As FreightWaves’ Ashley Coker reported on Tuesday, Washington D.C. has joined Maryland, Virginia, North Carolina and South Carolina in the growing list of places to declare states of emergency in preparation for the storm. Mandatory evacuation orders are rippling through the Carolinas, and millions are preparing to leave their homes as Hurricane Florence barrels toward the East Coast of the US.
LMC notes that “Light Vehicle production plants most at risk are the Mercedes-Benz (MB), Volvo and BMW plants in South Carolina, although with over 400 automotive suppliers located in that state alone, a supply chain disruption could be far reaching.”
LMC predicts that “while South Carolina vehicle assembly plants are at the greatest risk for extended production loss” plants in Georgia, Kentucky and Tennessee could be impacted by flooding.
The BMW plant in Spartanburg could face a daily production loss of 1400 units, while the MB plant in Charleston could lose the ability to produce 205 units each day according to data from LMC.
Did you know?
According to the 8am update from the National Hurricane center, “Hurricane-force winds extend outward up to 70 miles (110 km) from the center and tropical-storm-force winds extend outward up to 175 miles (280 km).”
“We are investing in all the technology evolution taking place in aerospace but we are trying to apply that to something that’s real world and is possible to execute four years out.”
—Vertical Aerospace founder Stephen Fitzpatrick.
In other news:
U.S. Businesses Ramp Up Lobbying Against Trump’s Tariffs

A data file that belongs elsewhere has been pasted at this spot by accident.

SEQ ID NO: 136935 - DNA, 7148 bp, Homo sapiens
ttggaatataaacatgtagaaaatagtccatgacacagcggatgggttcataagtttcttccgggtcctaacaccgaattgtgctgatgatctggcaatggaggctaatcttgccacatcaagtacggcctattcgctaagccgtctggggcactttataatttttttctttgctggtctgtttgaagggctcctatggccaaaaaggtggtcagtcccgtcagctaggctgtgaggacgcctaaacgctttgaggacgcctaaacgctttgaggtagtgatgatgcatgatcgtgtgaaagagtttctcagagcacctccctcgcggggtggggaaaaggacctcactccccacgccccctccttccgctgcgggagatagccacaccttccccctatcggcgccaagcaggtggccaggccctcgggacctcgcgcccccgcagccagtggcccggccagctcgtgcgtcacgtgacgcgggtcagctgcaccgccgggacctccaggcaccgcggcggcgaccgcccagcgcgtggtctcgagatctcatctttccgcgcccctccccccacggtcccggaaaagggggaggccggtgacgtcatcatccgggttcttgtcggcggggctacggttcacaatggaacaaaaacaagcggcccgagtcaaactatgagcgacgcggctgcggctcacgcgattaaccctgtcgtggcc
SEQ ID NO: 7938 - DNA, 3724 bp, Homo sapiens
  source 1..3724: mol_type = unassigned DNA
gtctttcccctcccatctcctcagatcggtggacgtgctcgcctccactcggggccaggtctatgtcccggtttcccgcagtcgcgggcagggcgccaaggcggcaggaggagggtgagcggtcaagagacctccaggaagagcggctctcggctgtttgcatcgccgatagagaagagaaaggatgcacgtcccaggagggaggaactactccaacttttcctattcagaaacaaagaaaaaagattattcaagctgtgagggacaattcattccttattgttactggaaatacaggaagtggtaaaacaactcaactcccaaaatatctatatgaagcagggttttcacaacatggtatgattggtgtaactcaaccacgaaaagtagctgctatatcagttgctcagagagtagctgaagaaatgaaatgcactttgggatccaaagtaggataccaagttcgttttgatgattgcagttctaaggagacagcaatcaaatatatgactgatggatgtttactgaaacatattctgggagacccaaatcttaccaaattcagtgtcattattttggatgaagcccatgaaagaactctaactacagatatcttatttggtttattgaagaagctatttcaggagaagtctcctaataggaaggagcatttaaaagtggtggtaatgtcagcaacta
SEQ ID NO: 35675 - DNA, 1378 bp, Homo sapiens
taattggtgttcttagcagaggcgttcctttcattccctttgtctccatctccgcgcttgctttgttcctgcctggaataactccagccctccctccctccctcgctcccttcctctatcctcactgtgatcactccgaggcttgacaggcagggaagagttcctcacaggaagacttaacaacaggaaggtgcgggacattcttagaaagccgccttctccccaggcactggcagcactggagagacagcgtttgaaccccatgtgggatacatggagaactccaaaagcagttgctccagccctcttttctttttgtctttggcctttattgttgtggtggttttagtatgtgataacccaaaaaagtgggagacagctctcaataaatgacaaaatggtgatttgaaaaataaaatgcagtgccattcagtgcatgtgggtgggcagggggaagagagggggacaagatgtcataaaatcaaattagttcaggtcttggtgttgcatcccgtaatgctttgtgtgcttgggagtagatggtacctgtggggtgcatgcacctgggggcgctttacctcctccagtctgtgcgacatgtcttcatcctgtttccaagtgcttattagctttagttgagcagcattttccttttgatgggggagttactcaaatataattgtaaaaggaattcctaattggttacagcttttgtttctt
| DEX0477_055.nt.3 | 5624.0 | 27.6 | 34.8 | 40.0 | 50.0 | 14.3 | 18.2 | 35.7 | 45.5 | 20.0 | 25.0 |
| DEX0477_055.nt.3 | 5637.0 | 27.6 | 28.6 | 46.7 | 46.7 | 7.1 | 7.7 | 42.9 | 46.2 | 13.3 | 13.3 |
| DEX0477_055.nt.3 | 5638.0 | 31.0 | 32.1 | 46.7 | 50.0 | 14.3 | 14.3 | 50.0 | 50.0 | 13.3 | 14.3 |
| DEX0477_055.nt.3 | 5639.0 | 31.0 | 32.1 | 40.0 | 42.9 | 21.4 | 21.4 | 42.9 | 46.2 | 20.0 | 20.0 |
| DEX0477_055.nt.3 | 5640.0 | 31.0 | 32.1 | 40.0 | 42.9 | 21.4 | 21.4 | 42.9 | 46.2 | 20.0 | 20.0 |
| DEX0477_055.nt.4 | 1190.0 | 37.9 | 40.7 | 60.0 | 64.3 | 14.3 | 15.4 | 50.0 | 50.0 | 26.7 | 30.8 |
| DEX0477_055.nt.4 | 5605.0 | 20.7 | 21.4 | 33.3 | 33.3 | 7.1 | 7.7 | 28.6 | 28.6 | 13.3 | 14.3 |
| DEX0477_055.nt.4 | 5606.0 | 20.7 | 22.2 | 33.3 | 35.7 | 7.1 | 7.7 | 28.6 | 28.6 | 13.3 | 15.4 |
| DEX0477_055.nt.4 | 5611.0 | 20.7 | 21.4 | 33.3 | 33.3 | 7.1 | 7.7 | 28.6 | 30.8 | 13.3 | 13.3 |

Businesses across the country have joined forces to oppose Trump’s tariffs in a campaign called Tariffs Hurt the Heartland. They plan on sending a letter to Congress today. (Wall Street Journal).
UK haulage crisis tightens its grip as shippers face a delay ‘double-whammy’
A reduction in haulage availability has caused a delay lasting upwards of six days for export collections, according to ANL, a subsidiary of CMA CGM. (The Loadstar)
British air taxi firm takes flight, inspired by F1 racing advances
Vertical Aerospace, founded by Stephen Fitzpatrick, will turn to F1 racing to aid in the development of “short-haul, inter-city flights” in the next 4 years. (Reuters)
U.S. Department of Energy provides $2 million grant for robotics
Plug Power has partnered with Rensselaer Polytechnic Institute (RPI) Center for Automation Technologies & Systems (CATS) and the U.S. Department of Energy’s (DOE’s) National Renewable Energy Laboratory (NREL) to develop robotic hydrogen fueling technology for motive power applications. (Supply Chain 24/7)
France Mulls Cheaper Hack For Autonomous Transport
France has begun building over its existing infrastructure as a shortcut to autonomous rail. (Bloomberg)
Ripe Technology, which operates largely under the name ripe.io, just completed a $2.4 million seed round led by Maersk Growth and Relish Works.
Ripe.io provides enterprise blockchain technology for the food and agriculture industry in an effort to create greater trust and transparency between food producers, contributors and consumers.
The company has been working to improve transparency for food since its 2017 inception. This is achieved through a technology platform that allows everyone involved in the supply chain, from growers to distributors, to contribute data and track the food’s journey. Ripe.io describes its services as the “Blockchain of Food,” a food quality network that captures the full lifestyle of the product, from seed to consumer, according to a press release from ripe.io.
“Food supply chain decisions can very clearly be improved through increased focus on data, visibility and transparency, so connecting the value chain in a much more effective way than it is today and make data driven decisions,” Maersk Growth Venture Partner Peter Jorgensen said.
Hammer down everyone!